Rarely does a day go by that I don’t hear or read that roughly one in five people are experiencing mental health difficulties. I see this statistic so often that it shocks me to know that only six to eight per cent of employees who have access to an Employee Assistance Program (EAP) actually use it.
I’ve seen many employers show willingness to accommodate employee mental health and work-life concerns, and still employees don’t use the resources available to them. Why is that?
In my experience, these are the most common reasons an employee might not seek help for their mental health and work-life needs:
- They aren’t aware of their EAP benefit.
- They don’t believe they need help.
- They have the perception that the EAP is not confidential and believe that their anonymity will be compromised at work.
If you’re keen to raise employee awareness and access to the workplace mental health resources available to your employees, the key is to be proactive with your communication of the program. Here’s what I mean:
Inform Early and Regularly
Unlike other benefits like a dental plan, it is not plainly obvious what to do when you are in emotional pain. When implementing a new EAP, does your organization have a communication plan to roll out to employees? For example, have you considered running live or webinar orientation sessions for all employees, and special manager sessions so that they know what to do if an employee lands on their doorstep with a personal problem?
If you already have an EAP, does your new employee onboarding process include information about your available EAP mental health and work-life services? That is, for new hires, consider adding information regarding the EAP to your orientation package, like an EAP brochure, wallet card, or fridge magnet, or consider scheduling a mental health video presentation. This can be particularly helpful for employees who may need help but don’t ask for it because they worry how their employer or fellow employees will perceive them. In a presentation setting, no one is singled out.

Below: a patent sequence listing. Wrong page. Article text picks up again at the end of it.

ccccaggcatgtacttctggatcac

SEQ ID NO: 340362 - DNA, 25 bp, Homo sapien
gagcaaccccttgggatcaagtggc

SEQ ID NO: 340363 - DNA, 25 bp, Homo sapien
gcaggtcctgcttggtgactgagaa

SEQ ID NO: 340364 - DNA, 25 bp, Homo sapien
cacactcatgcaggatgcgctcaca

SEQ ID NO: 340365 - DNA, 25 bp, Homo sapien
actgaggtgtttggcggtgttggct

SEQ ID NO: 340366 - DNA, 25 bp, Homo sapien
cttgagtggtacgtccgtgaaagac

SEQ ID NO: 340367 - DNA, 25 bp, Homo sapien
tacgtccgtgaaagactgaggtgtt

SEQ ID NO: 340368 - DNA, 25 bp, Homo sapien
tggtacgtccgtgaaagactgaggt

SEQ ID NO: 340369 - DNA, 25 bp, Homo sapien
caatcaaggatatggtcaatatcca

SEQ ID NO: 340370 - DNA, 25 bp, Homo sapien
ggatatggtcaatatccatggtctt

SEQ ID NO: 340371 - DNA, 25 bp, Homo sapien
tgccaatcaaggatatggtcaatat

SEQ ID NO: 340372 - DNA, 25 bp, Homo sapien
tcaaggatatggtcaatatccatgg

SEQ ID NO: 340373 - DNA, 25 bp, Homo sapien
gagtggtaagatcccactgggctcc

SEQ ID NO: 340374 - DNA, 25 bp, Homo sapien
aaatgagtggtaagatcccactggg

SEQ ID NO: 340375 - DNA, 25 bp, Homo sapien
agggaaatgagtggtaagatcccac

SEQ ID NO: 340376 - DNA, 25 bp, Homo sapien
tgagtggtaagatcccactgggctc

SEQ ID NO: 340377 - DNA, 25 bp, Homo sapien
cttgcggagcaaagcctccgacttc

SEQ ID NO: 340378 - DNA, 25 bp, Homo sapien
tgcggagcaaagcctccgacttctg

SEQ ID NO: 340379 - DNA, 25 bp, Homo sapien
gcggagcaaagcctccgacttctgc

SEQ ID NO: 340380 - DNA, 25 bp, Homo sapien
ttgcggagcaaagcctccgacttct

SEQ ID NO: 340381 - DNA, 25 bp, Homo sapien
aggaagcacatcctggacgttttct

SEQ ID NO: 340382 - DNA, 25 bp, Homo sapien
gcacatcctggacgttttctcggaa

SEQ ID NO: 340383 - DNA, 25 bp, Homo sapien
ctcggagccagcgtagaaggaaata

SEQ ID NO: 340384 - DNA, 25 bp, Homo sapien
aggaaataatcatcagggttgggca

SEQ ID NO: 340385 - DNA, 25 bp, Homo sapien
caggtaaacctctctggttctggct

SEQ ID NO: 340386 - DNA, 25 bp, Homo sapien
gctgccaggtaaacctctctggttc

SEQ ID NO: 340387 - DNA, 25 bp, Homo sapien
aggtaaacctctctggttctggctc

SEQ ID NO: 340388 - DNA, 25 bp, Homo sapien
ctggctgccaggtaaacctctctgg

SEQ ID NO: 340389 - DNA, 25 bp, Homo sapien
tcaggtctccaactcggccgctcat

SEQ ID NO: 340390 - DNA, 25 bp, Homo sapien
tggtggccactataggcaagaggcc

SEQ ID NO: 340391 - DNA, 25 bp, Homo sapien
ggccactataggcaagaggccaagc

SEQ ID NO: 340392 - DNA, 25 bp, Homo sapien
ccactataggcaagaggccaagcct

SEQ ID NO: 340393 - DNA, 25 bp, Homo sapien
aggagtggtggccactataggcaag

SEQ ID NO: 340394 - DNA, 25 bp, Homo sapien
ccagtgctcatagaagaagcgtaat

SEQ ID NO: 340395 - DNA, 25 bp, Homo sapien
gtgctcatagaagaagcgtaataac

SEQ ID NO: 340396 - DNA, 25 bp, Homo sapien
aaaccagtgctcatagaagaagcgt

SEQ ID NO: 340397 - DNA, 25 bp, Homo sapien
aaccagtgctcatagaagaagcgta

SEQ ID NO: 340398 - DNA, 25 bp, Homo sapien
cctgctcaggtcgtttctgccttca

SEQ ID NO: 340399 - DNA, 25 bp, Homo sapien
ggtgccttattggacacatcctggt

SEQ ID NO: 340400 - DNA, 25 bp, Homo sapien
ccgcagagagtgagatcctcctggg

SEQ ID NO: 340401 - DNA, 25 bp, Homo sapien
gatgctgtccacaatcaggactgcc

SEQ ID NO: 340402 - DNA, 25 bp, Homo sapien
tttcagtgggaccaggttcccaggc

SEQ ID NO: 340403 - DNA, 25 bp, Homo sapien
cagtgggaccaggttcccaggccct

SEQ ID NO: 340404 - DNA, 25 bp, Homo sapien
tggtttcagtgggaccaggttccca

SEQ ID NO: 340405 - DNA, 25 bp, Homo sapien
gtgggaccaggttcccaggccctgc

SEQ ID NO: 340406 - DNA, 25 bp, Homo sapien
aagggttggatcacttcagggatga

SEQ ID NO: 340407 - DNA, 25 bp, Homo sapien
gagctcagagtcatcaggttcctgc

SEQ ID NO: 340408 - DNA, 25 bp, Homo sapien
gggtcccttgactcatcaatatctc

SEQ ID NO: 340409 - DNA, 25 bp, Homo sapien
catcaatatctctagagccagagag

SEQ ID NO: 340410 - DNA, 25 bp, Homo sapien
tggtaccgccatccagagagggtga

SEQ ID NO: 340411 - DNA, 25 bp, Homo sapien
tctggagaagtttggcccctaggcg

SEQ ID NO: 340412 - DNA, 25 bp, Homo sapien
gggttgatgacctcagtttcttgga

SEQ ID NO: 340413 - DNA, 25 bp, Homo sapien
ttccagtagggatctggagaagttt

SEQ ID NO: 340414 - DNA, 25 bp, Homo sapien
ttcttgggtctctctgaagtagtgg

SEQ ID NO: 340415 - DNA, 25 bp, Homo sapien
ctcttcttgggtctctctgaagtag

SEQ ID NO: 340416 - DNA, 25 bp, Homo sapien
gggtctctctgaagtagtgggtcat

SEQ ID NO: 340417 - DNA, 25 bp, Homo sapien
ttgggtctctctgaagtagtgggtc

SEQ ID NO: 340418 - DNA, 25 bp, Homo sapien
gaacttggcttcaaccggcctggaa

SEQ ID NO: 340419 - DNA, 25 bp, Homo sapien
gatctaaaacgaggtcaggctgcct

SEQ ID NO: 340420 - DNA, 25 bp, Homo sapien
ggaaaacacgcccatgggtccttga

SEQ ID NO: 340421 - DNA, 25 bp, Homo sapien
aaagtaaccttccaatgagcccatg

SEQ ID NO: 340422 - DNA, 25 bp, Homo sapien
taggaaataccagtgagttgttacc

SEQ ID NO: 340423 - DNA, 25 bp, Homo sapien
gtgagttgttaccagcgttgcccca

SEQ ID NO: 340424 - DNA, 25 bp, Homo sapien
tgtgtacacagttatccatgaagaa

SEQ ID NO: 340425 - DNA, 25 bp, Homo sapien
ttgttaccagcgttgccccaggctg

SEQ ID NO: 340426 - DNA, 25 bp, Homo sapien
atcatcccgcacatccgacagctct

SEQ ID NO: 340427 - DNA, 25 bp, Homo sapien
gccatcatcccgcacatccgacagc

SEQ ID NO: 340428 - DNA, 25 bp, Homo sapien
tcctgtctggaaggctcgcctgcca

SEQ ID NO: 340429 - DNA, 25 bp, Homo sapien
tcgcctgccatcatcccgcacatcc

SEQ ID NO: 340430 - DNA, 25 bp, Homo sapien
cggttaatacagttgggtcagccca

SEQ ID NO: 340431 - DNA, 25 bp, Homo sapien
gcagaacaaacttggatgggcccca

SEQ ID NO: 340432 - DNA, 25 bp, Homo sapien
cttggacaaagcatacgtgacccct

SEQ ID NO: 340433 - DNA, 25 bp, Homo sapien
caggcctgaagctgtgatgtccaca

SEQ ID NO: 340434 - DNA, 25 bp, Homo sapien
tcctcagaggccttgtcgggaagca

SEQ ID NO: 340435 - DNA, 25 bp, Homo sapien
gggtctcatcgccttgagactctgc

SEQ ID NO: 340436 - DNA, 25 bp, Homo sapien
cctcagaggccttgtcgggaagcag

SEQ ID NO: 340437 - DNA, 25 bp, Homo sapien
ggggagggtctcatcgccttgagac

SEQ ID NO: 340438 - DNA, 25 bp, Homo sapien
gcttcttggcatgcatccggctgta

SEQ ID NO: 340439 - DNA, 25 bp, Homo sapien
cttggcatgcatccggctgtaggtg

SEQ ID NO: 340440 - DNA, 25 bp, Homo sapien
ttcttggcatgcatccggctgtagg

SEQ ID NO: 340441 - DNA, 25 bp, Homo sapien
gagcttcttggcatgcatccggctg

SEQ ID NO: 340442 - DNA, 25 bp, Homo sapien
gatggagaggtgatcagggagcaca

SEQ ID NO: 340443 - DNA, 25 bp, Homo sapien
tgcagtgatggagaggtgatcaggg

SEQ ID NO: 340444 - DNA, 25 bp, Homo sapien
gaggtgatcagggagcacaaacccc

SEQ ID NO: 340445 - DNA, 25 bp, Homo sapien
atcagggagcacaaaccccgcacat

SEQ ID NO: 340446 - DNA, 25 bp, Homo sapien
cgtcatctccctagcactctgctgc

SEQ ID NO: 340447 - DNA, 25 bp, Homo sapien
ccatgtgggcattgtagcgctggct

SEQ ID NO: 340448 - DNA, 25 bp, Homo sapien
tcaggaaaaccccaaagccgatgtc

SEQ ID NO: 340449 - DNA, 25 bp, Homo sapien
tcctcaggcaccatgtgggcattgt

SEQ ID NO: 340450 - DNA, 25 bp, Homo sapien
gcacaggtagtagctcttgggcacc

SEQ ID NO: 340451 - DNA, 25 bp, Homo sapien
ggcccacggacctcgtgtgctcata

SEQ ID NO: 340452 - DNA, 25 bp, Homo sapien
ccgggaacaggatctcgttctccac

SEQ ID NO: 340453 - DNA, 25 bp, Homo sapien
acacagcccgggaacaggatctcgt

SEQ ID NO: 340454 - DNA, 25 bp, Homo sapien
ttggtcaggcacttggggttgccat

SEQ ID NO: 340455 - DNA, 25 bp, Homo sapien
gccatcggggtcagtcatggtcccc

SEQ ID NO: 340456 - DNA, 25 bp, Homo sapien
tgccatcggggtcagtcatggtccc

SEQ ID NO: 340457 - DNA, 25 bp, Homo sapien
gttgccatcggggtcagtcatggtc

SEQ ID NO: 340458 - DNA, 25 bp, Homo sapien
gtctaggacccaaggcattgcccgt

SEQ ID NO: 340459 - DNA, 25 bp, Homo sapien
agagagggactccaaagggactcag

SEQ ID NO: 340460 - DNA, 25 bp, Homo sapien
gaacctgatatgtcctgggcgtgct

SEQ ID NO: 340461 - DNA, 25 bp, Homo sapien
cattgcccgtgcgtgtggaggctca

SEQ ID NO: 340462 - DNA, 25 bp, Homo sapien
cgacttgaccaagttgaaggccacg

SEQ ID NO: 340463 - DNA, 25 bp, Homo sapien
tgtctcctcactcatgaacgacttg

Have you considered providing orientation sessions on specific value-added services being provided through your EAP to highlight a solution to a particular mental health or work-life issue? Nutrition, life coaching, financial, and legal are but a few areas of interest to employees who are looking for solutions to mental health and work-life issues.
How about creating posters that highlight mental health problems and solutions through the EAP? Displaying informative posters in high-traffic areas, such as washrooms and kitchens, will grab the attention of employees and increase the probability that those with a mental health or work-life problem will seek help.
Does your organization run health fairs, special theme days, or wellness campaigns at work? If so, the EAP can be invited to participate in these events, focusing on education and awareness of the EAP or a specific part of the service such as nutrition, etc.
Conduct Surveys (for companies with 50+ employees)
If you are curious to know how many of your employees use EAP services, ask them! Anonymous online surveys can be a highly effective tool to gather important mental health information from your employees. Here are a few questions you may consider asking:
- Which EAP services do you use?
- Which EAP services would you like to learn more about?
- How would you like to be informed about available EAP services?
- What barriers are preventing you from using EAP services?
- What new services would you like to see offered under the EAP that currently are not being provided?
Anonymous surveys allow you to both inform your employees about their EAP and collect valuable data on how to better showcase it.
Our experience shows that proactive communication of an EAP and its work-life services will result in service awareness and increased utilization. This is the value of the program. Conversely, an EAP that does not have effective employee communication will lead to the eventual death of the program. The combination of orientation sessions, written communication materials, internal surveys, and special events are powerful ways to raise mental health awareness of this important benefit and it shows employees that you, as the employer, care for their well-being. Your employees may already be using their workplace mental health and work-life services, which is terrific, but how many more employees continue to suffer in silence? For the continued betterment of your workplace, consult with your EAP so they can help you develop a strategic EAP communication plan. To realize the full value of this benefit, remind employees of their EAP whenever and wherever possible!